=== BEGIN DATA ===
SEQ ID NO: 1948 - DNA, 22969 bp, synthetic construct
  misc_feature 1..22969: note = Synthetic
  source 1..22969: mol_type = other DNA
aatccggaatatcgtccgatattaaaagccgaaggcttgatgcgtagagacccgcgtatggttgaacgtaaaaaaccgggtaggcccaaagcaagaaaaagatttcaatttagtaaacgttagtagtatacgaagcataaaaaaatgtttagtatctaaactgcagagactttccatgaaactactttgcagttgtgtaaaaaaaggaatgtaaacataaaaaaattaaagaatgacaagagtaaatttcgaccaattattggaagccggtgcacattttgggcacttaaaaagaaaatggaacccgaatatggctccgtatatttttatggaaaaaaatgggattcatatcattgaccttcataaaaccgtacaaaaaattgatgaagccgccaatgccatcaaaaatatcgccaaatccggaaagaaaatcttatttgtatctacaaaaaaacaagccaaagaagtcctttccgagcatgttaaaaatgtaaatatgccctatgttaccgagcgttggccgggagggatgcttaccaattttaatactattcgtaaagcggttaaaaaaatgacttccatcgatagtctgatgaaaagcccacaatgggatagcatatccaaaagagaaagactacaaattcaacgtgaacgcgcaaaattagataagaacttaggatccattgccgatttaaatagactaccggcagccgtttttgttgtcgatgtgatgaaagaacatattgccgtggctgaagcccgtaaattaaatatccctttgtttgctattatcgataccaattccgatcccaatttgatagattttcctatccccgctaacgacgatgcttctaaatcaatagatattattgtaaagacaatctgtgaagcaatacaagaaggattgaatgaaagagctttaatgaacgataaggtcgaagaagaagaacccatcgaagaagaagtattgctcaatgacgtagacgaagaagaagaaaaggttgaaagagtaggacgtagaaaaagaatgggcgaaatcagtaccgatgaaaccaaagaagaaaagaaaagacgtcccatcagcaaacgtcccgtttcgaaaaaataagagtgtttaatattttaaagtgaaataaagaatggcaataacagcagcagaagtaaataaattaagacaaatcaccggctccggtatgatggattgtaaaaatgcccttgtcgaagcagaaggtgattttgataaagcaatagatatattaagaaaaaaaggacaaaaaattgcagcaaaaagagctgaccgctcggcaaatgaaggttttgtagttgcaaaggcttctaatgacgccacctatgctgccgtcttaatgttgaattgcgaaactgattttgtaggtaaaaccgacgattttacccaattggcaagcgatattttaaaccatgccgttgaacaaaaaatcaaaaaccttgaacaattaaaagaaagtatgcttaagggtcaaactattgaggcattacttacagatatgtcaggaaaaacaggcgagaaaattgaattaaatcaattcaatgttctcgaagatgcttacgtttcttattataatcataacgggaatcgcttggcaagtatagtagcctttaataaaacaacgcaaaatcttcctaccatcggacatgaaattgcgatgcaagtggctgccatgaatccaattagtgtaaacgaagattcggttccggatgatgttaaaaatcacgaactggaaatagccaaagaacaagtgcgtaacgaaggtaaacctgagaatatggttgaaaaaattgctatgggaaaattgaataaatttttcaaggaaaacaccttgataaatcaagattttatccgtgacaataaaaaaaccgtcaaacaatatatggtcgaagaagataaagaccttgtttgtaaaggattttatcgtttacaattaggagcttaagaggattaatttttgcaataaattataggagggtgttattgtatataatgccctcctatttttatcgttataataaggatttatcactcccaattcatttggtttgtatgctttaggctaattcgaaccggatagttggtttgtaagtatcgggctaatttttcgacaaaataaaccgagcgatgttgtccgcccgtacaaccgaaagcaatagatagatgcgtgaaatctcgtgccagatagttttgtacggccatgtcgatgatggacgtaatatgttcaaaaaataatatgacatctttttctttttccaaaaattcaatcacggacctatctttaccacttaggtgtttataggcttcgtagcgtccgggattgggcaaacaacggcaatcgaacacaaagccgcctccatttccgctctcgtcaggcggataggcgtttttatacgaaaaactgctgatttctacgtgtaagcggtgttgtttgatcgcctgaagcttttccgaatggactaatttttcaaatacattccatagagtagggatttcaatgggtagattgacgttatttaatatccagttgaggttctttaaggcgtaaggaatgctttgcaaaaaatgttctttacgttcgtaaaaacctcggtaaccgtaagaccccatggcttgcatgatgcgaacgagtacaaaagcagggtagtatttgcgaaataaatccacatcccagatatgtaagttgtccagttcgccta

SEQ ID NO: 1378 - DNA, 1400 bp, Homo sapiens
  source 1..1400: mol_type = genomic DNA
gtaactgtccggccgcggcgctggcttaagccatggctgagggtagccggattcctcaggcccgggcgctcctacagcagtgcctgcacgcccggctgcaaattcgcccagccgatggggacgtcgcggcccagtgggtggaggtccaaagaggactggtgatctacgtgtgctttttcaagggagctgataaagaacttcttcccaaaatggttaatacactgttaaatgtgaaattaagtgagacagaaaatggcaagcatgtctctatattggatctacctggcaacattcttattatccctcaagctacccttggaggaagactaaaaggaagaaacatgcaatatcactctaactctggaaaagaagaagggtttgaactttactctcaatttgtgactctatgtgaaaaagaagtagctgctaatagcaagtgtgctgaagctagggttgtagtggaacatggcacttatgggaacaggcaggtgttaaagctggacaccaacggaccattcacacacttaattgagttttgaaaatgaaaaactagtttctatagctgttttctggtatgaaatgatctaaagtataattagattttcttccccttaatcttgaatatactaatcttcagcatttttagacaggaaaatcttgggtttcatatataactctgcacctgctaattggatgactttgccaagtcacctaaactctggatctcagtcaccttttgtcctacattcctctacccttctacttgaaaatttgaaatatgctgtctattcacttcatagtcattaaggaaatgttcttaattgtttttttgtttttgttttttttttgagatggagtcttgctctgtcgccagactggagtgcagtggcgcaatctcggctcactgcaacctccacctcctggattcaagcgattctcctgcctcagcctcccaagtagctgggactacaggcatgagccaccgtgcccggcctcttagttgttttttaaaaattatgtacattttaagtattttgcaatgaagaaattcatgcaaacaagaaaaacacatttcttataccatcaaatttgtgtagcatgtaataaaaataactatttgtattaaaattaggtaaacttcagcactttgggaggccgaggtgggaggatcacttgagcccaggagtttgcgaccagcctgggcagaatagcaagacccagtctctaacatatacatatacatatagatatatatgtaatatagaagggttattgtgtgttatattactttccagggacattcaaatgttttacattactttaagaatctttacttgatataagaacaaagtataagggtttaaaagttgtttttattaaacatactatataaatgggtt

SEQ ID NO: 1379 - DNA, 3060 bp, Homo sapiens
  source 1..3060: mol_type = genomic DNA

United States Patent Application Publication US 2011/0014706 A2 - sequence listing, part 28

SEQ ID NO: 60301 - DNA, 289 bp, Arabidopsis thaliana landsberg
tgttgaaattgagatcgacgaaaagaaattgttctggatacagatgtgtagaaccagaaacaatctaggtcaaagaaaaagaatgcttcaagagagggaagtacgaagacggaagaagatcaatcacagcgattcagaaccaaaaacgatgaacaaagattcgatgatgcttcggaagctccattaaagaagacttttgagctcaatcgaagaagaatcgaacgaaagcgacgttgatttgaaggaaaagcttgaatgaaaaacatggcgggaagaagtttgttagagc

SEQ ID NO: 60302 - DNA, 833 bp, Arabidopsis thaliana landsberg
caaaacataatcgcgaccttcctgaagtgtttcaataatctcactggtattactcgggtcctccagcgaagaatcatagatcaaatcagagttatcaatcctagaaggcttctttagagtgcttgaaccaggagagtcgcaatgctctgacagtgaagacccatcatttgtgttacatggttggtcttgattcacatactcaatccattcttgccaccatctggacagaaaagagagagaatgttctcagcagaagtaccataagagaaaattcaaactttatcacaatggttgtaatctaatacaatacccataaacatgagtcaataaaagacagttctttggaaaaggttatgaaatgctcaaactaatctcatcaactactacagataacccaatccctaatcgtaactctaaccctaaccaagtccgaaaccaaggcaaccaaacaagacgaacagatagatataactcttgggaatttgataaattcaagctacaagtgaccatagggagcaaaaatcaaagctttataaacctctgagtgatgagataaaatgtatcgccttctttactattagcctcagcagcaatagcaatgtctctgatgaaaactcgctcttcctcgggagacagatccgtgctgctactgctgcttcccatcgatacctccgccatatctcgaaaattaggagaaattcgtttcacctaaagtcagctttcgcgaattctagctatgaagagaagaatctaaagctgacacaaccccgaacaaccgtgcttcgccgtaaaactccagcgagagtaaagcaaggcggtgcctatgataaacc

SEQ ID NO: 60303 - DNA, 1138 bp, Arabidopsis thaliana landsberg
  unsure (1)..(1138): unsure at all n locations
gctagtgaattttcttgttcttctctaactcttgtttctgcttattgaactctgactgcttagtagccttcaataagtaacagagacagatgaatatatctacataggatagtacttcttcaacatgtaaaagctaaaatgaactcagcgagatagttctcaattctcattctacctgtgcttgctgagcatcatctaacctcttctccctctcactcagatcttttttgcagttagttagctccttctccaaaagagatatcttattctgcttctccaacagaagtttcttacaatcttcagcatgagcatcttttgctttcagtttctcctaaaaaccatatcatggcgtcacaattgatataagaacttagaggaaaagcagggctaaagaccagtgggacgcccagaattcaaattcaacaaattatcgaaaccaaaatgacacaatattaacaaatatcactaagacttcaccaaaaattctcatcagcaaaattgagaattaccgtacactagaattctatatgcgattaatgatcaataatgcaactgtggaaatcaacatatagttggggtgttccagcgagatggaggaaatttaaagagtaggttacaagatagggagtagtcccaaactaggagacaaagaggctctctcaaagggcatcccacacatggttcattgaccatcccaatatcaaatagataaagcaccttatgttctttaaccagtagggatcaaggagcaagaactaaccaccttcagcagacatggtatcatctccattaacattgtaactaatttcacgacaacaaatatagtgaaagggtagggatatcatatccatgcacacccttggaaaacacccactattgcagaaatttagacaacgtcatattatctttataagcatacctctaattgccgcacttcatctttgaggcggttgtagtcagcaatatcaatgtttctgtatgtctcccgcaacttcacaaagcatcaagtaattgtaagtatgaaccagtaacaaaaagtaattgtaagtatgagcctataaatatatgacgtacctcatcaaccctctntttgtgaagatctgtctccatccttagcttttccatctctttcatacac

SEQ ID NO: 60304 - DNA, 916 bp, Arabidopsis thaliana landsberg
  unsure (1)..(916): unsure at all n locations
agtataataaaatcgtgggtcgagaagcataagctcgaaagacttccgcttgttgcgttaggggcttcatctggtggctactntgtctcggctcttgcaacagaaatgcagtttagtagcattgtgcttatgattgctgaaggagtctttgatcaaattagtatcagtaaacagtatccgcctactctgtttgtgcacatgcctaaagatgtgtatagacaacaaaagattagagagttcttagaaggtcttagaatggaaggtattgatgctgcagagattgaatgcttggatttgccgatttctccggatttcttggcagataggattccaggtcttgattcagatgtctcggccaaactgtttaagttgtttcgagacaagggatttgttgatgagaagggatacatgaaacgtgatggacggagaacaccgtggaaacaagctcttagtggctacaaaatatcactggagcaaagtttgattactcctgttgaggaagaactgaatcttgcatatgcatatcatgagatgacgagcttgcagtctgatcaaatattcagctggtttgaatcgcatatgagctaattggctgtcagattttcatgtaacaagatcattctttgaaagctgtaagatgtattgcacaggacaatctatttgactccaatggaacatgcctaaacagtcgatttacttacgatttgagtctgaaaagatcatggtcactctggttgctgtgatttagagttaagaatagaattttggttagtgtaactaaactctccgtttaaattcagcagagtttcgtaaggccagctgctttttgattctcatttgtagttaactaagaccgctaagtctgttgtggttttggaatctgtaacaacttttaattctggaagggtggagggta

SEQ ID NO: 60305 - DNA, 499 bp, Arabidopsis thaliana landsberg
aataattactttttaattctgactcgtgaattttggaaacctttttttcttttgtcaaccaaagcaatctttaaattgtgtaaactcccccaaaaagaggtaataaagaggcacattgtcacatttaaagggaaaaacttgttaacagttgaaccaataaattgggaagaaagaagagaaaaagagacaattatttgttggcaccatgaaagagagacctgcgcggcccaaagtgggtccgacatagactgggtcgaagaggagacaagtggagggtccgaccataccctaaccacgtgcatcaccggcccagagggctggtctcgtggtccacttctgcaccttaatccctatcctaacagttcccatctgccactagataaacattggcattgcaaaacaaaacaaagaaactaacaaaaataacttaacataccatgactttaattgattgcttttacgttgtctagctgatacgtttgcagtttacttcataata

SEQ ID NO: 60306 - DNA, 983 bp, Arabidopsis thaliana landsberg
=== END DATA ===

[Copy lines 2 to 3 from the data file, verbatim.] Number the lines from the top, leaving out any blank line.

  misc_feature 1..22969: note = Synthetic
  source 1..22969: mol_type = other DNA